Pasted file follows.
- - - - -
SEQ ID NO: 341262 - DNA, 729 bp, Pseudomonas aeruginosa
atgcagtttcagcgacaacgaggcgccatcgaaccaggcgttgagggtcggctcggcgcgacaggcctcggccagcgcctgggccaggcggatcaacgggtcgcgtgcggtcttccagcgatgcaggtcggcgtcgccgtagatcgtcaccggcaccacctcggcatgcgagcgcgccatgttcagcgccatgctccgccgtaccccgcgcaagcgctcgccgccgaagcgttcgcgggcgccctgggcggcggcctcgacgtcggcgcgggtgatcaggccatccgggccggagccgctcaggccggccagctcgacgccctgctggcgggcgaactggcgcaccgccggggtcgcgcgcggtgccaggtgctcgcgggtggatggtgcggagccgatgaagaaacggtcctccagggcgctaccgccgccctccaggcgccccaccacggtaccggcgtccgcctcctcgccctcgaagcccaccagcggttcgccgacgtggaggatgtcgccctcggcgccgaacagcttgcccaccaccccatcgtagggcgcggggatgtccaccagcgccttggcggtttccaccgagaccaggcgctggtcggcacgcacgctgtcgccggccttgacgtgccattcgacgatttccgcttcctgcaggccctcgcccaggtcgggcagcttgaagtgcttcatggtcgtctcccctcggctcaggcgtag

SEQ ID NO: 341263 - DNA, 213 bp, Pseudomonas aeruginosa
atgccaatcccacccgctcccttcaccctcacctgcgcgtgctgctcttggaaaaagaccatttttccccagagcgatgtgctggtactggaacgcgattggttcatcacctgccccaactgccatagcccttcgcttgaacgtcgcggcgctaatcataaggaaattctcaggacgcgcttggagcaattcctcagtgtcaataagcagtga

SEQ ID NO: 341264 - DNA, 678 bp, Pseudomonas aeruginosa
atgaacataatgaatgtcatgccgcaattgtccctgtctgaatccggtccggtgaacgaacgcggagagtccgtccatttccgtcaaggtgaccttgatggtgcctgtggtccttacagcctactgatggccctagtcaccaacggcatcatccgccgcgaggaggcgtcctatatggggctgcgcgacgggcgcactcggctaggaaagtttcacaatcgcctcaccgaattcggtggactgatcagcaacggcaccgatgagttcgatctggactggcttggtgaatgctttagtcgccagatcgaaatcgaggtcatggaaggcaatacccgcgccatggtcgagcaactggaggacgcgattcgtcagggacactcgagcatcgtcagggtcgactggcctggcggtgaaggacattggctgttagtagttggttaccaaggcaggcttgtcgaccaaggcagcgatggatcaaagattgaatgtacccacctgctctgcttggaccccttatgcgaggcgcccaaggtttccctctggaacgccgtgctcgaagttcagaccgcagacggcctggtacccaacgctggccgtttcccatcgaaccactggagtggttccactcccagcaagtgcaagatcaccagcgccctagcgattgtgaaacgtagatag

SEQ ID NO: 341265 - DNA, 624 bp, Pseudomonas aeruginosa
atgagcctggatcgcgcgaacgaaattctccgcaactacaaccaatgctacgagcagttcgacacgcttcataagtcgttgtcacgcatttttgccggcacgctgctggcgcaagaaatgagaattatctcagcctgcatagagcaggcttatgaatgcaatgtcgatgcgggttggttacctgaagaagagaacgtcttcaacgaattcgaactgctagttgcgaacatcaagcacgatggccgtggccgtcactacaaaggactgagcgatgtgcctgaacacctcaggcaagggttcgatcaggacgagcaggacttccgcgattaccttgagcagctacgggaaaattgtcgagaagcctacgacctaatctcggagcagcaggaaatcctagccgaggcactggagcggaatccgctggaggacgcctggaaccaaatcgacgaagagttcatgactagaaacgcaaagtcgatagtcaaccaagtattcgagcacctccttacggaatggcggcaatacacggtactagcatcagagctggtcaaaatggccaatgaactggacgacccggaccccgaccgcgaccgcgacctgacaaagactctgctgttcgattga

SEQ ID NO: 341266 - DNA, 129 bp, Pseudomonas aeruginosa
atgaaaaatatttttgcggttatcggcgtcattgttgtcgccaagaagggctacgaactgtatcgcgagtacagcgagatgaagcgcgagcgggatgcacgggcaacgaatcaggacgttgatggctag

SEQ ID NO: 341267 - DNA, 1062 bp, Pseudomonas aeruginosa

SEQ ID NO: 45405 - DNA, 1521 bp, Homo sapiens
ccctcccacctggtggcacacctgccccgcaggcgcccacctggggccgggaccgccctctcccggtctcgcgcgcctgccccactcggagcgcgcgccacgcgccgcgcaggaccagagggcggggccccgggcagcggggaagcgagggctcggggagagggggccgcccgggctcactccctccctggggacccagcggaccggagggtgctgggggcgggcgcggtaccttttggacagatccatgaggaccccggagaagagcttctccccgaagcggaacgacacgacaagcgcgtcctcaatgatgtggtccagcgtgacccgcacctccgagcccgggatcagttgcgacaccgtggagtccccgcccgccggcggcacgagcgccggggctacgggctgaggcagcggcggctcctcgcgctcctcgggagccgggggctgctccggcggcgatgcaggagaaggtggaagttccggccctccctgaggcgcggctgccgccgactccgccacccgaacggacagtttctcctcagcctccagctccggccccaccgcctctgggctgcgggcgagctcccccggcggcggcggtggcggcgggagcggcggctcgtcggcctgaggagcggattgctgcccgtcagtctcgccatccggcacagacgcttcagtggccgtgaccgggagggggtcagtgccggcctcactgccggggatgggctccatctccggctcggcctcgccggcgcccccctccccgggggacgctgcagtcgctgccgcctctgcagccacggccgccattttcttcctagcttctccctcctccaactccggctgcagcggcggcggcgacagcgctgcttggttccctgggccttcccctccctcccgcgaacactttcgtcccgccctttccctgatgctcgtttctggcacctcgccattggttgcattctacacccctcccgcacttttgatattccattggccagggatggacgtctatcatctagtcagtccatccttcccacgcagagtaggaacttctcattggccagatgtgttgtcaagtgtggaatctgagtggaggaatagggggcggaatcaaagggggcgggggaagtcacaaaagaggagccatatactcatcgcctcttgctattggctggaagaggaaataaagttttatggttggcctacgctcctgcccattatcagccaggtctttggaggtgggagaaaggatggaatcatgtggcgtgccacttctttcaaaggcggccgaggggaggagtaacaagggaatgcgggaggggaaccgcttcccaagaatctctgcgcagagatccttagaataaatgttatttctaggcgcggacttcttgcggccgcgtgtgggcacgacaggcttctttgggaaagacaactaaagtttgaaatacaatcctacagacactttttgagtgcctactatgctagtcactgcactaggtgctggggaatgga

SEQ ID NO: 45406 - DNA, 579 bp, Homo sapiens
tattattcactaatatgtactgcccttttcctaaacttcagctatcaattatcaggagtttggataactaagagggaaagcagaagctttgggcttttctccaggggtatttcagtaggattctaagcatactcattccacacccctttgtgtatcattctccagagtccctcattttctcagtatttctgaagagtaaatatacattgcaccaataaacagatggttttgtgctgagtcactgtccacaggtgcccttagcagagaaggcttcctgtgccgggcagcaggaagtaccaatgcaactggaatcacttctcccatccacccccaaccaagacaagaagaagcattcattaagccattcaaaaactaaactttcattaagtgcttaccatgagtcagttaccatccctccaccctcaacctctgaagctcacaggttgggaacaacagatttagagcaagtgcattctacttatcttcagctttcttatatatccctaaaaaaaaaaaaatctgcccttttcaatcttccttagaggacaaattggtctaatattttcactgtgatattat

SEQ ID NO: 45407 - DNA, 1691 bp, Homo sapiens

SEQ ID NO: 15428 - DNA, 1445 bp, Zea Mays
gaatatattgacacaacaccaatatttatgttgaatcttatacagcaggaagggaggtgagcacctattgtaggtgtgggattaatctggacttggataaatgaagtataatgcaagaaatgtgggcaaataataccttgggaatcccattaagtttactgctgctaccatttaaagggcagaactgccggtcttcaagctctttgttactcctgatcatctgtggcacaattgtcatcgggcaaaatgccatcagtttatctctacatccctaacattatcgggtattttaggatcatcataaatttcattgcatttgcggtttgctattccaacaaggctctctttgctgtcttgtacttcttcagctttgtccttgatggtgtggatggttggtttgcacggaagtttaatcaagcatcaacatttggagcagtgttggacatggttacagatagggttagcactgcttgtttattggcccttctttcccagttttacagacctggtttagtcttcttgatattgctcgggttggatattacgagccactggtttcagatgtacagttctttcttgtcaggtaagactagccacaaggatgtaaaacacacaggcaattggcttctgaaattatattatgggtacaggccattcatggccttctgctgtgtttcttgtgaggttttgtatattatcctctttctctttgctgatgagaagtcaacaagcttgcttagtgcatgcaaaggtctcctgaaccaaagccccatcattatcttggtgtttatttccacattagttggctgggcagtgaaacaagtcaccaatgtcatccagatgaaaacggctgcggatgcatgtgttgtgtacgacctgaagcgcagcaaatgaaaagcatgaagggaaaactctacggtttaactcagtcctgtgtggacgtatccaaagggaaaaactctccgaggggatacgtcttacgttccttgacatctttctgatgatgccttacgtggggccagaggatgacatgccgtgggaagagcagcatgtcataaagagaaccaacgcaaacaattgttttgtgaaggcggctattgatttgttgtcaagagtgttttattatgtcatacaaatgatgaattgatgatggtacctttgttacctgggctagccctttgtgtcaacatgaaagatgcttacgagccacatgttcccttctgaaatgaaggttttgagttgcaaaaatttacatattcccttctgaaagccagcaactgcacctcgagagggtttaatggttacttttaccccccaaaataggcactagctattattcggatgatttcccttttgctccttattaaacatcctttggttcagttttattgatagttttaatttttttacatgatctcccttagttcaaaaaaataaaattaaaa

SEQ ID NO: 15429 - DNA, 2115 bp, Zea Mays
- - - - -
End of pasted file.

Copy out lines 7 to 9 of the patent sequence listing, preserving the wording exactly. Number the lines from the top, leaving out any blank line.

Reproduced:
SEQ ID NO: 341265 - DNA, 624 bp, Pseudomonas aeruginosa
atgagcctggatcgcgcgaacgaaattctccgcaactacaaccaatgctacgagcagttcgacacgcttcataagtcgttgtcacgcatttttgccggcacgctgctggcgcaagaaatgagaattatctcagcctgcatagagcaggcttatgaatgcaatgtcgatgcgggttggttacctgaagaagagaacgtcttcaacgaattcgaactgctagttgcgaacatcaagcacgatggccgtggccgtcactacaaaggactgagcgatgtgcctgaacacctcaggcaagggttcgatcaggacgagcaggacttccgcgattaccttgagcagctacgggaaaattgtcgagaagcctacgacctaatctcggagcagcaggaaatcctagccgaggcactggagcggaatccgctggaggacgcctggaaccaaatcgacgaagagttcatgactagaaacgcaaagtcgatagtcaaccaagtattcgagcacctccttacggaatggcggcaatacacggtactagcatcagagctggtcaaaatggccaatgaactggacgacccggaccccgaccgcgaccgcgacctgacaaagactctgctgttcgattga

SEQ ID NO: 341266 - DNA, 129 bp, Pseudomonas aeruginosa